Google’s Project Oxygen: Do Managers Matter?
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There has been a fundamental question that Google executives had concerned in the early 2000s: do managers matter? Through a multi-year research, they generated a comprehensive project called ‘Project Oxygen’ starting in late 2009—which focuses on eight key managements to become better managers. Consequently, the company was able to trigger significant improvements among managers and realized that “good managers do matter”. Currently, Google’s vice president Mr. Setty raises three fundamental questions about whether the project is ‘boxing people in,’ whether the project could be implemented in any type of organization or managerial setting, and what would be the best option to further improve the project and Google’s performance. The individual plans that the project HR partners design for each manager prove that the project avoids ‘boxing people in’. Rather than constraining, a tailored plan helps each manager’s transition and nurtures cultural norms of the organization. Furthermore, having a set of ‘expected managerial behaviors’ can positively impact an organization if the two fundamental leadership behaviors, initiation structure and consideration (see Appendix I), are achieved.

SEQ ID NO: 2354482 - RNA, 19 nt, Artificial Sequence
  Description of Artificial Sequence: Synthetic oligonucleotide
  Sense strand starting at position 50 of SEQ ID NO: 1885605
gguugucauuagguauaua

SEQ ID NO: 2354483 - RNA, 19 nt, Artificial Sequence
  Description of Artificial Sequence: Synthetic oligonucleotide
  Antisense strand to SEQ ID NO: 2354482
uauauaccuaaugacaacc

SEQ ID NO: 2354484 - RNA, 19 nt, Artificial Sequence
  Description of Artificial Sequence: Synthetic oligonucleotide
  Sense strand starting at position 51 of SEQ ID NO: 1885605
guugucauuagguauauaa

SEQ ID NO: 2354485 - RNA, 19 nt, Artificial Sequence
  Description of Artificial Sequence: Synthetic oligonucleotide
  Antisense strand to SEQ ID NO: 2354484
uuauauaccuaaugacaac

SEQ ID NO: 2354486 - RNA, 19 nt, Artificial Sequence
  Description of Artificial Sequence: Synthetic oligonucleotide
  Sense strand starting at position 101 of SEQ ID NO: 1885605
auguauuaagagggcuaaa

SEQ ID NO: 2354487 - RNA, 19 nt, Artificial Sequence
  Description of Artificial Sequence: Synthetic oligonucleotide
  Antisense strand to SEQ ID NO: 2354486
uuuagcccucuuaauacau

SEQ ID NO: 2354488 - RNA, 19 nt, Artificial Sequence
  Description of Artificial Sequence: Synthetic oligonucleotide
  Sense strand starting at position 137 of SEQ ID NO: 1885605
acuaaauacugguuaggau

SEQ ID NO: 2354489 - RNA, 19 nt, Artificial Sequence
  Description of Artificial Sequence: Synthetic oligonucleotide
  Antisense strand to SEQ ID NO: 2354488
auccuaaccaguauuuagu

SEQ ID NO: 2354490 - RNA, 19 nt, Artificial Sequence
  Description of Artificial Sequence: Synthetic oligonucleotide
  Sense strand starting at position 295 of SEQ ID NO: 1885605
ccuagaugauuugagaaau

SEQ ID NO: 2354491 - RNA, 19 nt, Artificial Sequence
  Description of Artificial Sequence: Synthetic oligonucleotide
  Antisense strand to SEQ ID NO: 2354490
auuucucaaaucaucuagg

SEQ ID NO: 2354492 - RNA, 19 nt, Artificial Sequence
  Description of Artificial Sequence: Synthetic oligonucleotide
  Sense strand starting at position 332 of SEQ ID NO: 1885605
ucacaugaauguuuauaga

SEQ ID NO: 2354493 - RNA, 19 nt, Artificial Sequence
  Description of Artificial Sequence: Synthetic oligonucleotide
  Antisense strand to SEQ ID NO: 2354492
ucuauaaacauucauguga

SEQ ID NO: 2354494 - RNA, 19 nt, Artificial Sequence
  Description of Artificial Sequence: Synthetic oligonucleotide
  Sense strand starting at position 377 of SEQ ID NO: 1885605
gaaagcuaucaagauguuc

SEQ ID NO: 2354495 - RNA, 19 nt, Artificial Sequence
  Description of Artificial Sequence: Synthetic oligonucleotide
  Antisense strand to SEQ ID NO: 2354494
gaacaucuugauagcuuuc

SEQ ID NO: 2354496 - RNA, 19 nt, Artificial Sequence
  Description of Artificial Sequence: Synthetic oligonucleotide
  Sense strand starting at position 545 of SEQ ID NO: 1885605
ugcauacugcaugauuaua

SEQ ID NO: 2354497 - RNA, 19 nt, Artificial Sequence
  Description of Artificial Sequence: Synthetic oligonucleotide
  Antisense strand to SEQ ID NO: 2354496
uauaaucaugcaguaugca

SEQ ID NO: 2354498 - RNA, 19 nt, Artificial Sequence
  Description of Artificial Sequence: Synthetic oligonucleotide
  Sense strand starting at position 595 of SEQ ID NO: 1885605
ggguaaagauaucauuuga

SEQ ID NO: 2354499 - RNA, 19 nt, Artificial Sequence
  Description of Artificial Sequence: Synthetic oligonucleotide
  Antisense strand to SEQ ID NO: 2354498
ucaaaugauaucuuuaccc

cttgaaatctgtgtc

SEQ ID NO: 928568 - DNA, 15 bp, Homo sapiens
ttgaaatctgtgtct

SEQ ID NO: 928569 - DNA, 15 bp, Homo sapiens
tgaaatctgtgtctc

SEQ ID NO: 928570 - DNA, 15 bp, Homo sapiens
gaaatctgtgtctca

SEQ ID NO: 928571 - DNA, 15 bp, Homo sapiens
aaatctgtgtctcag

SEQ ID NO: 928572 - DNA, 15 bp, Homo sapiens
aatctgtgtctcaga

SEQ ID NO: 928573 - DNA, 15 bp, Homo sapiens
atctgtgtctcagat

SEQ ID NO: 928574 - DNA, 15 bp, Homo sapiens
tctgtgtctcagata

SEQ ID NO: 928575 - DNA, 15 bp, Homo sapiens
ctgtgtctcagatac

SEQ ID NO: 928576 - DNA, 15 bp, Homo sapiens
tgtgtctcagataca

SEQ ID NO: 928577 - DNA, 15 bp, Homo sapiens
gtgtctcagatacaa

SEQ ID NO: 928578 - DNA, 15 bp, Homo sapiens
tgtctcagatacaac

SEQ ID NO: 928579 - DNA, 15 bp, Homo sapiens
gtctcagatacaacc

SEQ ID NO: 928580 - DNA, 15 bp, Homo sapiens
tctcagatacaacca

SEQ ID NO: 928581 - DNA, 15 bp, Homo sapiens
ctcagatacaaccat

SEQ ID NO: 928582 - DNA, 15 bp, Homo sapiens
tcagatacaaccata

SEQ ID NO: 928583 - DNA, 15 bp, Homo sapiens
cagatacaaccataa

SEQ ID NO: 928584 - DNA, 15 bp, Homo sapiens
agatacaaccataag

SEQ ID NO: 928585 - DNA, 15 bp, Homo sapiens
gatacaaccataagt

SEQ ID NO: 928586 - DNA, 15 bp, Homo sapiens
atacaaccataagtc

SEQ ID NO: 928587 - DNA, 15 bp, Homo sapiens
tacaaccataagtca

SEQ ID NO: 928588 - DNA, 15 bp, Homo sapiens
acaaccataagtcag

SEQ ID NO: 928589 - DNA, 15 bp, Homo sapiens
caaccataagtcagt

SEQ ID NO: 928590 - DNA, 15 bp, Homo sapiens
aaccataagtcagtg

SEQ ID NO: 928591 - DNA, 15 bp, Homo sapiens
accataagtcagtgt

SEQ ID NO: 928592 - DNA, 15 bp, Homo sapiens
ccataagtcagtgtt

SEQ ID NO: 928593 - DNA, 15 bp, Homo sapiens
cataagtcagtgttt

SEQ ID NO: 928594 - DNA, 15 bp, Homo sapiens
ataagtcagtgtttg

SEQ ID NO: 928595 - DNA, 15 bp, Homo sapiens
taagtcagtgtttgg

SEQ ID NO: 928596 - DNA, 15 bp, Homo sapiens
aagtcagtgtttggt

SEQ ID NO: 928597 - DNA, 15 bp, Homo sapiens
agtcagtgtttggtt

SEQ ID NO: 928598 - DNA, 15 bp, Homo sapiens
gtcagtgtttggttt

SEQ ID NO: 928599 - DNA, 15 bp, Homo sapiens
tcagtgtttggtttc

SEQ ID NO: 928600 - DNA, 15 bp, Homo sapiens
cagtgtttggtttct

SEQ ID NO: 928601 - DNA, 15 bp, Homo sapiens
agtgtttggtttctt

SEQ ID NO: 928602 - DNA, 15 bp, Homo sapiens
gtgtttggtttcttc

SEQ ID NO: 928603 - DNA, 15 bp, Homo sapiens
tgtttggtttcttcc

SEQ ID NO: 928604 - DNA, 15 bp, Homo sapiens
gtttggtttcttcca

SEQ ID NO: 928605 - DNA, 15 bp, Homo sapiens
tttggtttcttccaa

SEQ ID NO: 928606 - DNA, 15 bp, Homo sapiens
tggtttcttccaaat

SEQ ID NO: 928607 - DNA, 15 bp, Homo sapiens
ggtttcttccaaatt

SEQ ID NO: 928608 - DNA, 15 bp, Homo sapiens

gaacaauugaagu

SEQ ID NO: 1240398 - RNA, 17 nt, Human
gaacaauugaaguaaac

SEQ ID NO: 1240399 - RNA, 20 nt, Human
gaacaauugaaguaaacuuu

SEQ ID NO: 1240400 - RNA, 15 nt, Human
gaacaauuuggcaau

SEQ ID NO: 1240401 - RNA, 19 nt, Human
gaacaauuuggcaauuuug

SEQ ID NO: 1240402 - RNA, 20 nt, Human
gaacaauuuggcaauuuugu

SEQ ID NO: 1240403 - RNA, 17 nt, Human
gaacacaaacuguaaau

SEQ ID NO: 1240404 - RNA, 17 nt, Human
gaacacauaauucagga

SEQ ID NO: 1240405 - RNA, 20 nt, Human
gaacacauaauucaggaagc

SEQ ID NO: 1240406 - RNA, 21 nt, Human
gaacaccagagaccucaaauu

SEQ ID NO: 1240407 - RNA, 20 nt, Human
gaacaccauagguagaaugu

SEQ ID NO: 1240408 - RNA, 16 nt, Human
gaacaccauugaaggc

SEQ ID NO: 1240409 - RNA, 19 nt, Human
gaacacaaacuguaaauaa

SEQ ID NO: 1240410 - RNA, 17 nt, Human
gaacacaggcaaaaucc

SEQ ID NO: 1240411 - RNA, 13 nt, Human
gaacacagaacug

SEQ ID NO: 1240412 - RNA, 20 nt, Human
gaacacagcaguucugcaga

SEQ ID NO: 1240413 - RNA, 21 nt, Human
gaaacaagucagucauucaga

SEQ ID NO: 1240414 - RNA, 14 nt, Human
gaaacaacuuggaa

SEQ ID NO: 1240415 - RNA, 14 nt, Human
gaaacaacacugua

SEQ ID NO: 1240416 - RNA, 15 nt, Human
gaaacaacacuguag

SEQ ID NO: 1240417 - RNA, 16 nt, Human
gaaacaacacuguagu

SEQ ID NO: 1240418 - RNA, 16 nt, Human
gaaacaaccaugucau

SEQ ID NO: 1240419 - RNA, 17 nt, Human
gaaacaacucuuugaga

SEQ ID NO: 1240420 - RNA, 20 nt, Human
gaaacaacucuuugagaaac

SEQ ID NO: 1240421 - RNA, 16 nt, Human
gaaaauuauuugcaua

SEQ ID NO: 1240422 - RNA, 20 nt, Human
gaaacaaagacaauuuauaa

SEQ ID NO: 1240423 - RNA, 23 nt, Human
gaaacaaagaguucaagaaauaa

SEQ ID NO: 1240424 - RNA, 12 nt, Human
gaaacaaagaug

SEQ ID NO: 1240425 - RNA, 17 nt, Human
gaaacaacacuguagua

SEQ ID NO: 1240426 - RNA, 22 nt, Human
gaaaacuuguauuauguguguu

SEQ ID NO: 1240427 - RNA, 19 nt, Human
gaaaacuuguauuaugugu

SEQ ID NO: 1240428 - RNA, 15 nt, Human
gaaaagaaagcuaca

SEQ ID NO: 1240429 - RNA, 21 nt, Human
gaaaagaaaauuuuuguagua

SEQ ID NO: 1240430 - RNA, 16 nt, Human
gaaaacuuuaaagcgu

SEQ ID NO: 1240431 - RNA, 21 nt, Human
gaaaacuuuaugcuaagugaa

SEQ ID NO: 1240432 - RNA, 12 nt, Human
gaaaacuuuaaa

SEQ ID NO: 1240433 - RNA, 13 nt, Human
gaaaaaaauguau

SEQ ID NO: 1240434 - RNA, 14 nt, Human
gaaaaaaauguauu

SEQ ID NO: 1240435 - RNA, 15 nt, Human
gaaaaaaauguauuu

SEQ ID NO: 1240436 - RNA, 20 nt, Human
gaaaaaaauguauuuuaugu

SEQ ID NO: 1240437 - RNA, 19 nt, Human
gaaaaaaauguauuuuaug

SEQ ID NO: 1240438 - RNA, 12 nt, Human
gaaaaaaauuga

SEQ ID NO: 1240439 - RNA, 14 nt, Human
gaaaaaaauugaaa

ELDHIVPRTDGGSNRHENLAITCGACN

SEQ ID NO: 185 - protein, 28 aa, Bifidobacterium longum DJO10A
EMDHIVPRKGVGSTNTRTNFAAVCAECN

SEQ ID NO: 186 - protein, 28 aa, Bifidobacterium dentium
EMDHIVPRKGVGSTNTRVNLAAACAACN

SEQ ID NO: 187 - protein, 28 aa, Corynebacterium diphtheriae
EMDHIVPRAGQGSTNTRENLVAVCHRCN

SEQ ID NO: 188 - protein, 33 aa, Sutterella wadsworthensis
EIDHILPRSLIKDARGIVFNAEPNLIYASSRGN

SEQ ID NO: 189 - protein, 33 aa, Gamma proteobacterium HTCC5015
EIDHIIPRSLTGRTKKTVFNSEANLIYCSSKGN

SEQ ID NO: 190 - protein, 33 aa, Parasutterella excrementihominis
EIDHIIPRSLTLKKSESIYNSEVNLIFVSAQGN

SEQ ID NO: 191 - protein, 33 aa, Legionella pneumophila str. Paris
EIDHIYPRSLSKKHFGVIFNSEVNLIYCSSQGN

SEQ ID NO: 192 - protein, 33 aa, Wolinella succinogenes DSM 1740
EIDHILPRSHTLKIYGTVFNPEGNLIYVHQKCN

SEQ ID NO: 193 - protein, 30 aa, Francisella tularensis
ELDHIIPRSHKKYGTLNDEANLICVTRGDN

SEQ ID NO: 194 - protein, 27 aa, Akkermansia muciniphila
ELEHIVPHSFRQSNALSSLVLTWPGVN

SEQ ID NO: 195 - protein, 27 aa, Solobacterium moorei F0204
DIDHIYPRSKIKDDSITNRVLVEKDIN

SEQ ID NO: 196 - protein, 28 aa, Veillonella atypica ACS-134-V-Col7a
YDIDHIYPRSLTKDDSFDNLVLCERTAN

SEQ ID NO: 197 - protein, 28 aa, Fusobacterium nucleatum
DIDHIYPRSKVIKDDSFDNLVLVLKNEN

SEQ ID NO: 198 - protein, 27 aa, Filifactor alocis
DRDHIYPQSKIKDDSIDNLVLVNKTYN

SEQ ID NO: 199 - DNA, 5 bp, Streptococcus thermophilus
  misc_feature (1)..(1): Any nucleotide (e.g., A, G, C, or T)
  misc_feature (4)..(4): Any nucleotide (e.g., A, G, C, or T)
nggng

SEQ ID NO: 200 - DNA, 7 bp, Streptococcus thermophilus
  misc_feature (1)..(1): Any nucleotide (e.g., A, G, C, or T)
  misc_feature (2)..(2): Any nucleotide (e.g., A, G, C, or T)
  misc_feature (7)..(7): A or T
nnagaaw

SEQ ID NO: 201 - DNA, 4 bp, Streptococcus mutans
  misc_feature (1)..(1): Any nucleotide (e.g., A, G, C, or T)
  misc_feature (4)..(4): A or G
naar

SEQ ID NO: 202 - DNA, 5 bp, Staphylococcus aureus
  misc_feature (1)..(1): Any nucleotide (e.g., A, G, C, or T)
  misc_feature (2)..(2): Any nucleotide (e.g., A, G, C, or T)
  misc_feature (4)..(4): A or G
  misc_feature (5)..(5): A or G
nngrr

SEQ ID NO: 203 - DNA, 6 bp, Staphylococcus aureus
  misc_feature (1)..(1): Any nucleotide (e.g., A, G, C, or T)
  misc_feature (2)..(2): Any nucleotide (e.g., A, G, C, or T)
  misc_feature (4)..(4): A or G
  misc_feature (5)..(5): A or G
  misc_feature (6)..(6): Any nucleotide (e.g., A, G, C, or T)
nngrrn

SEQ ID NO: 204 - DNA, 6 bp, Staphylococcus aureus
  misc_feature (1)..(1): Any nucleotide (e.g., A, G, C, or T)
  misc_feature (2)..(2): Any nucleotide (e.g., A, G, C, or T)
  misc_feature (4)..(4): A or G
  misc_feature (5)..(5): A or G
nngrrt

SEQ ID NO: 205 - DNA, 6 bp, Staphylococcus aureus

Google also has guidelines for managers, named’ the Oxygen Eight Behaviors for Great Managers (see Appendix II).’ Since these eight behaviors well sit for the two fundamental leadership behaviors (refer to the table in Appendix II, <Two fundamental leadership barriers>), Project Oxygen well exemplifies the positive impacts of setting the expectations. There are three options through which Google can further develop the project. First, the project can be expanded to include senior managers. This way, the executives can build better relationships with their stakeholders. Also, the feedback system can deliver messages from employees more clearly. On the other hand, applying the quantifying approach to seniors may not be effective because senior managers might already have set good managerial qualities that cannot be quantified. For example, a highly inspiring senior manager can still be strict. It would also be difficult to detect the direct results of the improvement of seniors if the project is expanded. Second, the company could learn more about the complete life cycle of managers. This may help to achieve a clear standard to find out the best candidates for managerial position within and outside.